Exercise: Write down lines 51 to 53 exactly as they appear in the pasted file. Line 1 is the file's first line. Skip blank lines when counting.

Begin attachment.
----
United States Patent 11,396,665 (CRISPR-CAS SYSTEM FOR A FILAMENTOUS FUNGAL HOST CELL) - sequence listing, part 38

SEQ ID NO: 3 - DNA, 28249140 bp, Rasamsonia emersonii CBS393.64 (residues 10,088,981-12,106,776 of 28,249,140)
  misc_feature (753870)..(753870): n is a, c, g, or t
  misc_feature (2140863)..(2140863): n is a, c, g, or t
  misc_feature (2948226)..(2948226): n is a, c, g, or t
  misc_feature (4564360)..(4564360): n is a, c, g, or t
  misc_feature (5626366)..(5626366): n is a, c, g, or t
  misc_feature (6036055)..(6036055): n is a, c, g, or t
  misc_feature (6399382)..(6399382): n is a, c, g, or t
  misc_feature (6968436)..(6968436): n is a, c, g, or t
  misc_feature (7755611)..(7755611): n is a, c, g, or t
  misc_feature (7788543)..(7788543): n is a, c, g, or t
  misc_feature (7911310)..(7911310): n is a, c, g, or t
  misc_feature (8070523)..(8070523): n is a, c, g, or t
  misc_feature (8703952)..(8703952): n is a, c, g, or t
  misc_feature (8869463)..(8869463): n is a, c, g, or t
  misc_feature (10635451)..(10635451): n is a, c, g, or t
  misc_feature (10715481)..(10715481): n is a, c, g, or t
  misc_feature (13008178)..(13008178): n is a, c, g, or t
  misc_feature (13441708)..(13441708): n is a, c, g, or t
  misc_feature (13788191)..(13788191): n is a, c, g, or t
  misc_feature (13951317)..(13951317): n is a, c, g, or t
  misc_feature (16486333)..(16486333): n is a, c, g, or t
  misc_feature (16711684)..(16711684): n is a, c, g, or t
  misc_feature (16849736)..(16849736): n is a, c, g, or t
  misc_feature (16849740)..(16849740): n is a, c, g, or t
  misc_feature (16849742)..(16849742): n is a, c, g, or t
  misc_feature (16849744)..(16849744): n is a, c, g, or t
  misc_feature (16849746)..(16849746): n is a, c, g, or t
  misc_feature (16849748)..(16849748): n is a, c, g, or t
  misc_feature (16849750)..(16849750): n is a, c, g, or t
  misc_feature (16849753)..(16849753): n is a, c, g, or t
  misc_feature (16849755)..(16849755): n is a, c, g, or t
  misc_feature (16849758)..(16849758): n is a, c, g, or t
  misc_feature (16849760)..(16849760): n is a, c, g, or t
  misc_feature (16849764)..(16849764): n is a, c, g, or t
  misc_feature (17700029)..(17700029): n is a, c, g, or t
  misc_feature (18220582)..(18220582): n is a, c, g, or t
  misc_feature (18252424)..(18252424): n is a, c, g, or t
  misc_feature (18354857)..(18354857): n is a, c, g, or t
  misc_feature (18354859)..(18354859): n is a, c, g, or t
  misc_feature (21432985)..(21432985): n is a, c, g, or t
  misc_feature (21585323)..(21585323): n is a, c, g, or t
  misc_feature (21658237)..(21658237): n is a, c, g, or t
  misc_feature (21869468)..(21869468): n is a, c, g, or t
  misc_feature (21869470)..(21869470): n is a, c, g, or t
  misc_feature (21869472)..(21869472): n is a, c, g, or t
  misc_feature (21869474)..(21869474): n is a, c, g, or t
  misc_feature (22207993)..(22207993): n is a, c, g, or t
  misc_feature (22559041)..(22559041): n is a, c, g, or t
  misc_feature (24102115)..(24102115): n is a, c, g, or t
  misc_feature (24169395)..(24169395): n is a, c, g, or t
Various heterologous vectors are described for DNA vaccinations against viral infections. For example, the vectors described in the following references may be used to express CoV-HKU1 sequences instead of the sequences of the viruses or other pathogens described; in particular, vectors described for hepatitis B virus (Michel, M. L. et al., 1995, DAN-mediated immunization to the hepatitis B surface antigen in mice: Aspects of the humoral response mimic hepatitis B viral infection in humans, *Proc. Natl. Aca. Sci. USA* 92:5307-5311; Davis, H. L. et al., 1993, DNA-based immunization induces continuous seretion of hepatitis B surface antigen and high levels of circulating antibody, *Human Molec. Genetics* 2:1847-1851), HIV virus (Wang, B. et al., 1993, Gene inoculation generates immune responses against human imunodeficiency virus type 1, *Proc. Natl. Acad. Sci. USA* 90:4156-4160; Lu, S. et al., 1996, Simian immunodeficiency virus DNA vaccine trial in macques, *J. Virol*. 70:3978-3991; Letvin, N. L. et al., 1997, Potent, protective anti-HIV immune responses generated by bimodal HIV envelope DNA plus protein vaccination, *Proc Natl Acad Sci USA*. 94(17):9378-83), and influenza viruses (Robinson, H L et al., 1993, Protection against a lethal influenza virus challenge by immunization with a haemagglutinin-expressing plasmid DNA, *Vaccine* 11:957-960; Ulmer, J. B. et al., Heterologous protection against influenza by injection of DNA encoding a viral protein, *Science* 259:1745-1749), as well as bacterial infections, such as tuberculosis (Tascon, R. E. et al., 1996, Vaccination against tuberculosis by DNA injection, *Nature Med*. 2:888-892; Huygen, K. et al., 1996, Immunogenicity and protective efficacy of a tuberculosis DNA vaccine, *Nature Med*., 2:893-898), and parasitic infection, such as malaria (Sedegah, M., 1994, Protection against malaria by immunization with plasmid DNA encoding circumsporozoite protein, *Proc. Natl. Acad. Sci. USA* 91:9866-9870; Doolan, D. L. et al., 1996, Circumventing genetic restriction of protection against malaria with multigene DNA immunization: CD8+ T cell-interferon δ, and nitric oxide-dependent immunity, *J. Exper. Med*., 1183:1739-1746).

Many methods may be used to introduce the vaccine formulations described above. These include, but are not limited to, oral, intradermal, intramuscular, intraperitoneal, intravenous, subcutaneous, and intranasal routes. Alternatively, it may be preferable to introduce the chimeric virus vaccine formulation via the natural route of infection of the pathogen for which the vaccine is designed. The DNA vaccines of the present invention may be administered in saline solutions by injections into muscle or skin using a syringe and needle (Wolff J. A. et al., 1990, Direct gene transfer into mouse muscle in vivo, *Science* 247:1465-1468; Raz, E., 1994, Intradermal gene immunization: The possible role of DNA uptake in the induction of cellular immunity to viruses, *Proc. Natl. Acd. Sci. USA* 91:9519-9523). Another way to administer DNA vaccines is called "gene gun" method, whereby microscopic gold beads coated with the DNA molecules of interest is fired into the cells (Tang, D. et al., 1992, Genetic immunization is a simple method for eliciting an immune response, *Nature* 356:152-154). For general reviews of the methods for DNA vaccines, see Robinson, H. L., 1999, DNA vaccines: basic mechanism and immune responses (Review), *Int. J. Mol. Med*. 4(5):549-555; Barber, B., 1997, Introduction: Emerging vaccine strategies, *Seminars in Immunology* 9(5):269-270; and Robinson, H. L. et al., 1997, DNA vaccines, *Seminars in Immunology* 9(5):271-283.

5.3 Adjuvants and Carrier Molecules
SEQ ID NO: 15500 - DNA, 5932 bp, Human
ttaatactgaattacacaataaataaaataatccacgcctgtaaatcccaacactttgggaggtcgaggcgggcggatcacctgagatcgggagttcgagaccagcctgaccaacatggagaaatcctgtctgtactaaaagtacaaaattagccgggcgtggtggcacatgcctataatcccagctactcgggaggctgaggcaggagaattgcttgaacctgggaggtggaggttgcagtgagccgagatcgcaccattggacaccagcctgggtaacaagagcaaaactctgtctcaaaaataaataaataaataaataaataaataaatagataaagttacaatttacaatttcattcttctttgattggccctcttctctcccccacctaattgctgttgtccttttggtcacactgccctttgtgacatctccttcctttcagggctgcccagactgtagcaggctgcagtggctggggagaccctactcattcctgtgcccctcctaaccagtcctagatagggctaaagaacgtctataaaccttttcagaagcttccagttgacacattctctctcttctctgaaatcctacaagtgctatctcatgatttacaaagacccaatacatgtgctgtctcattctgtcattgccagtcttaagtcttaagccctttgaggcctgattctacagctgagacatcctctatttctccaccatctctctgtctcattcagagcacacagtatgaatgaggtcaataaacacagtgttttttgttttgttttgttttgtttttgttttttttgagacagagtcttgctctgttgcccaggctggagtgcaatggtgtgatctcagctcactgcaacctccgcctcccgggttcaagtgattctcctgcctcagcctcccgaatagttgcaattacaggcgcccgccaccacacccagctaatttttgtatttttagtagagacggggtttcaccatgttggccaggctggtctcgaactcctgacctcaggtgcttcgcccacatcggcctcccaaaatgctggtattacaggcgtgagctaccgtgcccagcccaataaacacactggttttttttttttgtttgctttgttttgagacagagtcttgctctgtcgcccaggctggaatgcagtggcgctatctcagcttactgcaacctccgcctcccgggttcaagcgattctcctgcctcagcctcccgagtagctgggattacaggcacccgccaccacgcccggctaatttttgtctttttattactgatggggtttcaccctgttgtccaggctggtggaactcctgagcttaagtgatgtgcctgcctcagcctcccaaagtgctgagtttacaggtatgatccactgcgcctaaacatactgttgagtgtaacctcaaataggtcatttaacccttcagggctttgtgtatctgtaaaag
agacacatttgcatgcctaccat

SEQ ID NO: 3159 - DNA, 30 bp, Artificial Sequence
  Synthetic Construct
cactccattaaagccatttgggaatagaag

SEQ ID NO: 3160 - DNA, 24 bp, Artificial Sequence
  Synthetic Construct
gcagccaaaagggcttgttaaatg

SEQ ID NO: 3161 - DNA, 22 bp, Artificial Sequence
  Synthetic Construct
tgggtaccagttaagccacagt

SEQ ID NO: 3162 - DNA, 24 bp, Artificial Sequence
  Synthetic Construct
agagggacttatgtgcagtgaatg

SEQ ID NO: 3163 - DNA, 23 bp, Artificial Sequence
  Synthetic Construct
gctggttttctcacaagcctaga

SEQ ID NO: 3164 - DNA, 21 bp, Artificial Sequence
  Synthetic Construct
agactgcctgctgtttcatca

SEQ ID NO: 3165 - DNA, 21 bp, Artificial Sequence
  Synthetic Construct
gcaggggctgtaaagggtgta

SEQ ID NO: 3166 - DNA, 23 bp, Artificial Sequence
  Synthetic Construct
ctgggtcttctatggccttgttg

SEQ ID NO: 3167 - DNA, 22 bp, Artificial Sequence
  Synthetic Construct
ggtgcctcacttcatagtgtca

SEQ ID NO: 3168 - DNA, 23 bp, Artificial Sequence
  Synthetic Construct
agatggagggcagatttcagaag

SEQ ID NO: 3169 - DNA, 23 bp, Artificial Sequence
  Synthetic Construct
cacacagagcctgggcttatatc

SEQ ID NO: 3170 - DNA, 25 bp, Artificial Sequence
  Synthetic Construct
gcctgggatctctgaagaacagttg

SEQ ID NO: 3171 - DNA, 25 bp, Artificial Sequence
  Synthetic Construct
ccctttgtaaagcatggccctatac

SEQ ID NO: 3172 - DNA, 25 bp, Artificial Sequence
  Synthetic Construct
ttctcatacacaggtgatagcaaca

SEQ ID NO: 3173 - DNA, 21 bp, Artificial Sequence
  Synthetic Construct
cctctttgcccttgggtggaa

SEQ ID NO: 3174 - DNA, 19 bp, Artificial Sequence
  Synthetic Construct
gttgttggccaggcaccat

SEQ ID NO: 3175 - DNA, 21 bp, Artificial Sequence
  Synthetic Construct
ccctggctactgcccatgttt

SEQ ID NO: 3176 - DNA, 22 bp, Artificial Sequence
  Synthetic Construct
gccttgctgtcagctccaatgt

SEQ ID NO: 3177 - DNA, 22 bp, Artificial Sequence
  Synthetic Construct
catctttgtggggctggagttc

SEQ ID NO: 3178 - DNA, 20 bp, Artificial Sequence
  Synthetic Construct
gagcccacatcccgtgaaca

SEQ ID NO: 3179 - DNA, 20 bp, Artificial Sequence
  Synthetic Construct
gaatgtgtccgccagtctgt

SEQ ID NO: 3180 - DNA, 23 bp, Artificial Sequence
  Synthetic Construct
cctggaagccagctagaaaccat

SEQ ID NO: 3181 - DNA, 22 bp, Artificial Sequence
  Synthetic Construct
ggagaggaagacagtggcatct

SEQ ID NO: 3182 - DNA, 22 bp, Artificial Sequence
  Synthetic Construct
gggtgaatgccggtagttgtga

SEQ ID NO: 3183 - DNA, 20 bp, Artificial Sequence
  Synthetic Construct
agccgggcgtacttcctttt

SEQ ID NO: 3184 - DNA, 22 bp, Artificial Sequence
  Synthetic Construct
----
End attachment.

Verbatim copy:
  misc_feature (24102115)..(24102115): n is a, c, g, or t
  misc_feature (24169395)..(24169395): n is a, c, g, or t
Various heterologous vectors are described for DNA vaccinations against viral infections. For example, the vectors described in the following references may be used to express CoV-HKU1 sequences instead of the sequences of the viruses or other pathogens described; in particular, vectors described for hepatitis B virus (Michel, M. L. et al., 1995, DAN-mediated immunization to the hepatitis B surface antigen in mice: Aspects of the humoral response mimic hepatitis B viral infection in humans, *Proc. Natl. Aca. Sci. USA* 92:5307-5311; Davis, H. L. et al., 1993, DNA-based immunization induces continuous seretion of hepatitis B surface antigen and high levels of circulating antibody, *Human Molec. Genetics* 2:1847-1851), HIV virus (Wang, B. et al., 1993, Gene inoculation generates immune responses against human imunodeficiency virus type 1, *Proc. Natl. Acad. Sci. USA* 90:4156-4160; Lu, S. et al., 1996, Simian immunodeficiency virus DNA vaccine trial in macques, *J. Virol*. 70:3978-3991; Letvin, N. L. et al., 1997, Potent, protective anti-HIV immune responses generated by bimodal HIV envelope DNA plus protein vaccination, *Proc Natl Acad Sci USA*. 94(17):9378-83), and influenza viruses (Robinson, H L et al., 1993, Protection against a lethal influenza virus challenge by immunization with a haemagglutinin-expressing plasmid DNA, *Vaccine* 11:957-960; Ulmer, J. B. et al., Heterologous protection against influenza by injection of DNA encoding a viral protein, *Science* 259:1745-1749), as well as bacterial infections, such as tuberculosis (Tascon, R. E. et al., 1996, Vaccination against tuberculosis by DNA injection, *Nature Med*. 2:888-892; Huygen, K. et al., 1996, Immunogenicity and protective efficacy of a tuberculosis DNA vaccine, *Nature Med*., 2:893-898), and parasitic infection, such as malaria (Sedegah, M., 1994, Protection against malaria by immunization with plasmid DNA encoding circumsporozoite protein, *Proc. Natl. Acad. Sci. USA* 91:9866-9870; Doolan, D. L. et al., 1996, Circumventing genetic restriction of protection against malaria with multigene DNA immunization: CD8+ T cell-interferon δ, and nitric oxide-dependent immunity, *J. Exper. Med*., 1183:1739-1746).